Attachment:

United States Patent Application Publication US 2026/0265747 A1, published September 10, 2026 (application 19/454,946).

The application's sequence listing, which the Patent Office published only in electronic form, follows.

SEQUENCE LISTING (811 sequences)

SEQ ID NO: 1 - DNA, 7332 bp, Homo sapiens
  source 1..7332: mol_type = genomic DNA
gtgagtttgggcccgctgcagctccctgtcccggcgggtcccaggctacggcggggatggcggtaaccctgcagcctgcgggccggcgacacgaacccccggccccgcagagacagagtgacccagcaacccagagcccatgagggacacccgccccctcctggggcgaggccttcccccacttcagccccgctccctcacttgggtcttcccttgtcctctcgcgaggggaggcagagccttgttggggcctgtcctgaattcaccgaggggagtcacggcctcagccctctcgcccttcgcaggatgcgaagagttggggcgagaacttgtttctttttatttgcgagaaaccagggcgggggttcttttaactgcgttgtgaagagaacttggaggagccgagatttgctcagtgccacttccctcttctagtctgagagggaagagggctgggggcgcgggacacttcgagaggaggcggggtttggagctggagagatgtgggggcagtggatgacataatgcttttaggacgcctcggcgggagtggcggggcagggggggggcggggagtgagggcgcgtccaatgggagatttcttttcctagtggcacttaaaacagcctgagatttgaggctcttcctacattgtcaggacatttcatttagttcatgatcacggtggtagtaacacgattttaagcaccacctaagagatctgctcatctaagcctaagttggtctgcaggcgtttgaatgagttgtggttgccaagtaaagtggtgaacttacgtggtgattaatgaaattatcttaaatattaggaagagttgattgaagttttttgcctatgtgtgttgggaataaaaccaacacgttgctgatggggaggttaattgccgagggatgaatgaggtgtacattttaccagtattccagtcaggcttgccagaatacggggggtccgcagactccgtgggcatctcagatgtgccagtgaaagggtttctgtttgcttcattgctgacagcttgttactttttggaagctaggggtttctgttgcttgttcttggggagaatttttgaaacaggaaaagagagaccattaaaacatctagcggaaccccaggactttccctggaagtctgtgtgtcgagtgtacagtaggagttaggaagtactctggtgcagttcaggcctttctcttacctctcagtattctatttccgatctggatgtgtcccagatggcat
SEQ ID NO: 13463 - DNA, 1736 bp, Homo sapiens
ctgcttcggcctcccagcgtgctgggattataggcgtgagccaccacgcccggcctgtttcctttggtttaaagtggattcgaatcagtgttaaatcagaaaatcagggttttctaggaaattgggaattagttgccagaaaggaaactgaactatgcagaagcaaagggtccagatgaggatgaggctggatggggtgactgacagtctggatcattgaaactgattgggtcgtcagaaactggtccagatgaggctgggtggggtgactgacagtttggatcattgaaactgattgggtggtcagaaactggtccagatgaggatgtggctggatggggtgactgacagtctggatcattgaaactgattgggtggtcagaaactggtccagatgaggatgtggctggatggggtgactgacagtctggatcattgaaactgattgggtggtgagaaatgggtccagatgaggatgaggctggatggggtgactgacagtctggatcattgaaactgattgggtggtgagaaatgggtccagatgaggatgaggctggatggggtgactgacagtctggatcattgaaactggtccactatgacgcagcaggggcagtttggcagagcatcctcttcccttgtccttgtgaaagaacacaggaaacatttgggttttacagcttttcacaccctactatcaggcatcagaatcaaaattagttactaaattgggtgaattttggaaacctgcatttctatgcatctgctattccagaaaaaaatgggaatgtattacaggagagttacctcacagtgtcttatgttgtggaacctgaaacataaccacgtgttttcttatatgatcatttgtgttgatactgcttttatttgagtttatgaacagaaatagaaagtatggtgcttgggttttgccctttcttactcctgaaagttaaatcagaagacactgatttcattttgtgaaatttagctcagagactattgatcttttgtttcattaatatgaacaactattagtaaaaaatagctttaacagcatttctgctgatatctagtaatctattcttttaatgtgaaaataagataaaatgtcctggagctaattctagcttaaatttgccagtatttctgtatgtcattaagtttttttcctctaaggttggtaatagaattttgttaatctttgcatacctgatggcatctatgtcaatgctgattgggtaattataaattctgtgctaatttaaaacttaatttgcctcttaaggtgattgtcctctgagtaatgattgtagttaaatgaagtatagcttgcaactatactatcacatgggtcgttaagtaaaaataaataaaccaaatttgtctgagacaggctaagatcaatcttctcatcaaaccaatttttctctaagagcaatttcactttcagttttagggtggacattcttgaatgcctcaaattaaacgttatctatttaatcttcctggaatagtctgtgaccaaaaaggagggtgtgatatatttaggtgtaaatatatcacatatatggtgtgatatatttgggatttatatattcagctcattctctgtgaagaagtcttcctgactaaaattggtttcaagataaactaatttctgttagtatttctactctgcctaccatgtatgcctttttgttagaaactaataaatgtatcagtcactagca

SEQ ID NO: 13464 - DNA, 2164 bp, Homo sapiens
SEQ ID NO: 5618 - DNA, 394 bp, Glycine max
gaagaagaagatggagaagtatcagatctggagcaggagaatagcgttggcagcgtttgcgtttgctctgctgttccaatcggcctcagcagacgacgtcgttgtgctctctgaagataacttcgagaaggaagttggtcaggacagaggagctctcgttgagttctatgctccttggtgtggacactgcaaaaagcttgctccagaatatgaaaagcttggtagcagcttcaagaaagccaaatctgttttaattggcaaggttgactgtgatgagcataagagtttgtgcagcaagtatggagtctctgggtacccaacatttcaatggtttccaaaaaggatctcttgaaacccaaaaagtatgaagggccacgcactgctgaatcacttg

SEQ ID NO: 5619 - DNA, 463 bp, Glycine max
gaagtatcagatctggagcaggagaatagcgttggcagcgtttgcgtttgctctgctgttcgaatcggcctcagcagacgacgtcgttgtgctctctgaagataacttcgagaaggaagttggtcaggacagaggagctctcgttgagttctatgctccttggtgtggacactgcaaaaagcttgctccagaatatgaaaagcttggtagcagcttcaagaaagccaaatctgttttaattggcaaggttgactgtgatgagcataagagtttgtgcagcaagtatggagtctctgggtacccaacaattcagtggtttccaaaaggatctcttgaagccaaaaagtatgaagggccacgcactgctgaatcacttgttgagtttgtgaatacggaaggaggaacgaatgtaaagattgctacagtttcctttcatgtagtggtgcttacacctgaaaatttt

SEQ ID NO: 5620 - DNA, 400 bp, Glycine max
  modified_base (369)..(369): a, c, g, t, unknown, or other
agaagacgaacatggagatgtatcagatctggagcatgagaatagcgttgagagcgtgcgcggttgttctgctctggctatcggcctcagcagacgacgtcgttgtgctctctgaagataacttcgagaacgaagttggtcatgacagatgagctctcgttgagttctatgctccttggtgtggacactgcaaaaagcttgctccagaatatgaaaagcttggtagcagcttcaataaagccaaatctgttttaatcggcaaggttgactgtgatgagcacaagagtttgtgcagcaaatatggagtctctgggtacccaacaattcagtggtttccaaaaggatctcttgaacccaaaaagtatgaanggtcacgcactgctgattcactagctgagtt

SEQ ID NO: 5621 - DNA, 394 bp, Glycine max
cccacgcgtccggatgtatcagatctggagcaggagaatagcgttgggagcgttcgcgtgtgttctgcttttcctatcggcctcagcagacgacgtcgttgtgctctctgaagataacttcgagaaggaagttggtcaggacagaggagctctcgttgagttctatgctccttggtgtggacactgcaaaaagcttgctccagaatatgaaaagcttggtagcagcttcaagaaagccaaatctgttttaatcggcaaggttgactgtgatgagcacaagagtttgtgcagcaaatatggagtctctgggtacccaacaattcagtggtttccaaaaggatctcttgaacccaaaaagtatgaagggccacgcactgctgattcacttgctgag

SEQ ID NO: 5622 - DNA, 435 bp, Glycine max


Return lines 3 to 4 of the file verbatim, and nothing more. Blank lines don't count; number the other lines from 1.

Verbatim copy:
SEQUENCE LISTING (811 sequences)

SEQ ID NO: 1 - DNA, 7332 bp, Homo sapiens